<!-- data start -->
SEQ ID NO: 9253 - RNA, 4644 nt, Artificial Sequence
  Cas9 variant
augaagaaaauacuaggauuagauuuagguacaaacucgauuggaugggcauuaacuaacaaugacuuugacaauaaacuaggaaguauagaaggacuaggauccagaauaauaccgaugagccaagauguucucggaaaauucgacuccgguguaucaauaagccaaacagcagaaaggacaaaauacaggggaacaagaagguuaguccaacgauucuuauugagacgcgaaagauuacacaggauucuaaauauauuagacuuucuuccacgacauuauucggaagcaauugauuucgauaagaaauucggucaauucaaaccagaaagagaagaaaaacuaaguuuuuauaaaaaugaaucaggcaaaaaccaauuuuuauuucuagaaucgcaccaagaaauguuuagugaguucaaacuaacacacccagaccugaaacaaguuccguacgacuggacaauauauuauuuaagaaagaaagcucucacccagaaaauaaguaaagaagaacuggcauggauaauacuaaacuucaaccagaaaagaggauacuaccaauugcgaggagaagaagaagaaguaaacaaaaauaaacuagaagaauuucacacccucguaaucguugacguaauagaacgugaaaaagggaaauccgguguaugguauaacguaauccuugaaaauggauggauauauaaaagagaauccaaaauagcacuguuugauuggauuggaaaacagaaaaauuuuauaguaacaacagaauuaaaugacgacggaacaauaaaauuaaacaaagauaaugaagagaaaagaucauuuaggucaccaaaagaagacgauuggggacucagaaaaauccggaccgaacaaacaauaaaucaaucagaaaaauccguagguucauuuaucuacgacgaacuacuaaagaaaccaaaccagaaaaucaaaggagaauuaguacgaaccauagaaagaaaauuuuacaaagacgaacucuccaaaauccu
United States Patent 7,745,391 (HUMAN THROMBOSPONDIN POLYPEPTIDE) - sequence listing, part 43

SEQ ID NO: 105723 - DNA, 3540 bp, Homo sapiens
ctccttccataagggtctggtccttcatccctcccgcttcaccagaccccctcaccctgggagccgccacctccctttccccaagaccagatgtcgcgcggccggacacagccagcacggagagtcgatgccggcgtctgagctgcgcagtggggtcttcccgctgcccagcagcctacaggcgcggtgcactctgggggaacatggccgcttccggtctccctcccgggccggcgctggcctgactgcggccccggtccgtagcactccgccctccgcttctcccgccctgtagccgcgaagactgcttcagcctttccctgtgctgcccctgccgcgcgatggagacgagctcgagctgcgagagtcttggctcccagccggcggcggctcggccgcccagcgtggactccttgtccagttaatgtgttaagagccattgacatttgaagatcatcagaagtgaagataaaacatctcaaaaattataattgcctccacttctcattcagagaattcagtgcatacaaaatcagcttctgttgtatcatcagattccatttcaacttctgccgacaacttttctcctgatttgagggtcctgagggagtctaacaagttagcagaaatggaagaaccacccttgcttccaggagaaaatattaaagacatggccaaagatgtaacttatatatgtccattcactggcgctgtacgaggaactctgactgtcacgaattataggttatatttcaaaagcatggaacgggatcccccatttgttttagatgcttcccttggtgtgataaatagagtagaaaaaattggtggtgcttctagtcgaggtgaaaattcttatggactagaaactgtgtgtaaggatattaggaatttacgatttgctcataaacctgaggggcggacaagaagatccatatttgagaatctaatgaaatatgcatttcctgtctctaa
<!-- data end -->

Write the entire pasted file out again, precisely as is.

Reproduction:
SEQ ID NO: 9253 - RNA, 4644 nt, Artificial Sequence
  Cas9 variant
augaagaaaauacuaggauuagauuuagguacaaacucgauuggaugggcauuaacuaacaaugacuuugacaauaaacuaggaaguauagaaggacuaggauccagaauaauaccgaugagccaagauguucucggaaaauucgacuccgguguaucaauaagccaaacagcagaaaggacaaaauacaggggaacaagaagguuaguccaacgauucuuauugagacgcgaaagauuacacaggauucuaaauauauuagacuuucuuccacgacauuauucggaagcaauugauuucgauaagaaauucggucaauucaaaccagaaagagaagaaaaacuaaguuuuuauaaaaaugaaucaggcaaaaaccaauuuuuauuucuagaaucgcaccaagaaauguuuagugaguucaaacuaacacacccagaccugaaacaaguuccguacgacuggacaauauauuauuuaagaaagaaagcucucacccagaaaauaaguaaagaagaacuggcauggauaauacuaaacuucaaccagaaaagaggauacuaccaauugcgaggagaagaagaagaaguaaacaaaaauaaacuagaagaauuucacacccucguaaucguugacguaauagaacgugaaaaagggaaauccgguguaugguauaacguaauccuugaaaauggauggauauauaaaagagaauccaaaauagcacuguuugauuggauuggaaaacagaaaaauuuuauaguaacaacagaauuaaaugacgacggaacaauaaaauuaaacaaagauaaugaagagaaaagaucauuuaggucaccaaaagaagacgauuggggacucagaaaaauccggaccgaacaaacaauaaaucaaucagaaaaauccguagguucauuuaucuacgacgaacuacuaaagaaaccaaaccagaaaaucaaaggagaauuaguacgaaccauagaaagaaaauuuuacaaagacgaacucuccaaaauccu
United States Patent 7,745,391 (HUMAN THROMBOSPONDIN POLYPEPTIDE) - sequence listing, part 43

SEQ ID NO: 105723 - DNA, 3540 bp, Homo sapiens
ctccttccataagggtctggtccttcatccctcccgcttcaccagaccccctcaccctgggagccgccacctccctttccccaagaccagatgtcgcgcggccggacacagccagcacggagagtcgatgccggcgtctgagctgcgcagtggggtcttcccgctgcccagcagcctacaggcgcggtgcactctgggggaacatggccgcttccggtctccctcccgggccggcgctggcctgactgcggccccggtccgtagcactccgccctccgcttctcccgccctgtagccgcgaagactgcttcagcctttccctgtgctgcccctgccgcgcgatggagacgagctcgagctgcgagagtcttggctcccagccggcggcggctcggccgcccagcgtggactccttgtccagttaatgtgttaagagccattgacatttgaagatcatcagaagtgaagataaaacatctcaaaaattataattgcctccacttctcattcagagaattcagtgcatacaaaatcagcttctgttgtatcatcagattccatttcaacttctgccgacaacttttctcctgatttgagggtcctgagggagtctaacaagttagcagaaatggaagaaccacccttgcttccaggagaaaatattaaagacatggccaaagatgtaacttatatatgtccattcactggcgctgtacgaggaactctgactgtcacgaattataggttatatttcaaaagcatggaacgggatcccccatttgttttagatgcttcccttggtgtgataaatagagtagaaaaaattggtggtgcttctagtcgaggtgaaaattcttatggactagaaactgtgtgtaaggatattaggaatttacgatttgctcataaacctgaggggcggacaagaagatccatatttgagaatctaatgaaatatgcatttcctgtctctaa